Sweaty, shaking, and crying, I pressed my face against a kitchen cabinet as I crouched on the floor, hungry and tired. Moments earlier, my toddler stomped his feet and screamed, “I wanted the purple jelly not the red jelly!” I honed in on a drop of red jelly seeping out of the sandwich and dripping onto the floor like a scene in a horror movie. We weren’t in a horror movie, but I felt like I was in my own version of one with my sudden panic attack, my cries matching my son’s. I could feel my temperature rising as I tried to convince him to just sit down and eat when my other son, my newborn, started fussing in the other room and I just lost it. Most parents would be annoyed in this situation, but I don’t know how many who’d have a panic attack over it. As I pressed my face against the cabinet, I thought, “Something is seriously off. Is this what postpartum anxiety and depression feel like? I don’t know what’s going on here!”
When you’re a highly sensitive person (HSP), it may be difficult to tell the difference between characteristics of postpartum anxiety — such as being extremely sensitive to stimuli — and characteristics of a good old-fashioned panic attack — like suddenly being fearful of your environment. But as the weeks, then months, wore on, I realized it’s possible that both were at play: I’m an HSP with postpartum anxiety and depression, and the former condition seems to magnify the latter — and vice-versa.
The Challenge of Being a “Sensitive” Mom with Postpartum Anxiety or Depression
Here’s the real kicker though: I’m a licensed professional counselor. I thought I would be able to recognize the symptoms of postpartum anxiety and depression, but this wasn’t what I expected. I think it was because I didn’t have any of the “typical” risk factors, like a difficult pregnancy or delivery. My newborn was eating and sleeping fairly well for his age, so I couldn’t blame my being severely sleep-deprived for my increasing anxiety, anger, and bouts of depression either. Also, when things were calm, I felt totally fine — joyful, even.
But when things got chaotic — with a toddler and newborn, this wasn’t an infrequent occurrence — I’d totally lose it. I knew I was an HSP, but I hadn’t yet made the connection between the chronic overstimulation of early parenting and the tidal waves of emotional flooding that were slamming into me on a daily basis. However, from a counselor perspective, I knew about postpartum anxiety and depression and started to suspect I was suffering from them, too.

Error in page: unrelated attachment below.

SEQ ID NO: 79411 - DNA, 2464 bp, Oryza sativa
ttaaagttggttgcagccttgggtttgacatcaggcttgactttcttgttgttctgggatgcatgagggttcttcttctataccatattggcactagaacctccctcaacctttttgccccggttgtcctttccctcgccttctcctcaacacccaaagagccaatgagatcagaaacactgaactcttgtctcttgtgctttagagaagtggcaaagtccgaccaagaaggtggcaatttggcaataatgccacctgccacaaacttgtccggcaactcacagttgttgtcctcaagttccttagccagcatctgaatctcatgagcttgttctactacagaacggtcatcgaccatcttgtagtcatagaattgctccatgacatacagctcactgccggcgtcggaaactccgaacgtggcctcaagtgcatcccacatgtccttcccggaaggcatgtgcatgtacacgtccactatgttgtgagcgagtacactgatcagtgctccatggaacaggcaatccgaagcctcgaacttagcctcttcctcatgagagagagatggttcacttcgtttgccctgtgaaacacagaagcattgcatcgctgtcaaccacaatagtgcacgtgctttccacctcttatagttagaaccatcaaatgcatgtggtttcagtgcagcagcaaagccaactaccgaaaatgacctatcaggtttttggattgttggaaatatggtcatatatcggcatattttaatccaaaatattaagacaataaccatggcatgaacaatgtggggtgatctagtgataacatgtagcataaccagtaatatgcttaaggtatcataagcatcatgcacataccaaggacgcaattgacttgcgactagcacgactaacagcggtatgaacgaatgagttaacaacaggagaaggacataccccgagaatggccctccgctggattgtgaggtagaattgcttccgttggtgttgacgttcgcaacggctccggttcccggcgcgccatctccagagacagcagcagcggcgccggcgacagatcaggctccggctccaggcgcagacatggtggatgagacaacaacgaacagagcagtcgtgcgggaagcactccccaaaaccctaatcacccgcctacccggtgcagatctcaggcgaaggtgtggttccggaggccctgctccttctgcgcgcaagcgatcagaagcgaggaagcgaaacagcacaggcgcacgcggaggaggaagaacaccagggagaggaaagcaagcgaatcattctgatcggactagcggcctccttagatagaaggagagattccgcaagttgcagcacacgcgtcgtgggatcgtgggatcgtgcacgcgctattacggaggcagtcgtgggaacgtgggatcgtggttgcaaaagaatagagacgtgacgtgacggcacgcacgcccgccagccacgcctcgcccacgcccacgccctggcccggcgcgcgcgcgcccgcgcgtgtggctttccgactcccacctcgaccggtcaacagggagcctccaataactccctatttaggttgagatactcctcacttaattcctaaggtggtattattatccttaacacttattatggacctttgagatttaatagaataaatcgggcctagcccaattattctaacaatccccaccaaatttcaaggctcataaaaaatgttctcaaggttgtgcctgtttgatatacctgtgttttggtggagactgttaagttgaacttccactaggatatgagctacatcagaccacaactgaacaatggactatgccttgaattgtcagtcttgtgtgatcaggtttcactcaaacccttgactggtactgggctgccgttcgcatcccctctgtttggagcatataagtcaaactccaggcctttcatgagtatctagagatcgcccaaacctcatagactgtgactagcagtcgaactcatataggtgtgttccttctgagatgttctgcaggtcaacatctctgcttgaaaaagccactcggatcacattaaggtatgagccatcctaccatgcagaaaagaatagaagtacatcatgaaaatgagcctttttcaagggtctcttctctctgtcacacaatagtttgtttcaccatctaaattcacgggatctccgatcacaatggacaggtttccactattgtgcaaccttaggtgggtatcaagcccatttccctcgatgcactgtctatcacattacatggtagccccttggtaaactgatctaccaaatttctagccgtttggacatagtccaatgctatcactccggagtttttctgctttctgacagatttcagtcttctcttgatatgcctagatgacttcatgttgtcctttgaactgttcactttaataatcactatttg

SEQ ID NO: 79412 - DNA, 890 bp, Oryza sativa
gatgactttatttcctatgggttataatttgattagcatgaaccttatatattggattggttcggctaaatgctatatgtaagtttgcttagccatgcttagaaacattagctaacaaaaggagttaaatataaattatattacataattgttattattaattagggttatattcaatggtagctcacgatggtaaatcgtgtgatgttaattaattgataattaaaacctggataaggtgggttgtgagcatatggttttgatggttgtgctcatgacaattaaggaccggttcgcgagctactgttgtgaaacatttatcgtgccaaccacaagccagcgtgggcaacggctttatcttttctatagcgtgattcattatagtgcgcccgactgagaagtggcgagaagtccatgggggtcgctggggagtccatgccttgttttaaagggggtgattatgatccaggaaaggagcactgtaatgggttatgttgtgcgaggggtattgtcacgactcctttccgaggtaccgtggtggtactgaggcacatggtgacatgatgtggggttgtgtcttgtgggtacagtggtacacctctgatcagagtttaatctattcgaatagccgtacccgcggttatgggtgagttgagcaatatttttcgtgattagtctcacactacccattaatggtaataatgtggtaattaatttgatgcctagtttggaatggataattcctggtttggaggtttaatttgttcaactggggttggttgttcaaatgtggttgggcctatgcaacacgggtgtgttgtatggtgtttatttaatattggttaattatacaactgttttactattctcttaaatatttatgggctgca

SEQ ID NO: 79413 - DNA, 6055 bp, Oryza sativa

How I Recognized My Signs of Postpartum Anxiety and Depression
1. I panicked in response to everyday stressors.
Because I was living in a constant state of overstimulation, even a small spike in stress — the baby crying, trying to get my kids dressed for the doctor, preparing meals — sent me into a danger zone. I’d panic, thinking, “If I don’t get out of here right now, I’m going to totally lose it!” Often, my physical response was way out of proportion to my thoughts. I could cognitively recognize that what was happening wasn’t all too stressful, but my body was responding like it was in actual danger due to the stress hormones flooding my brain — but in this case, the “danger” was my toddler or baby. It was the typical fight-or-flight response and panicking became my survival mechanism.
2. I had extreme emotional reactions, like rage and irritability.
When I got triggered, but couldn’t take a break from my kids — which was often because, hello, parenthood — I would lash out in an explosion of anger. I’d yell, slam my hands on the counter, and throw toys into the kids’ bins as though I were my toddler having a temper tantrum. This would leave me feeling drained, shaky, and full of guilt once my adrenaline level dropped and I was in a more “normal” emotional state.
3. I had extreme physical reactions, like sweating profusely and shaking.
This emotional and mental overload was a very physical experience for me. My therapeutic approach tends to be cognitively focused, so I’m very aware of my thoughts and how they impact my emotional state. I couldn’t “think” my way out of this experience though: my body temperature would increase, I’d get shaky and sweaty, and I’d feel dizzy. These are common signs of anxiety; in my case, however, they were directly related to my nervous system being overwhelmed and exhausted.
4. I felt an increased need for control.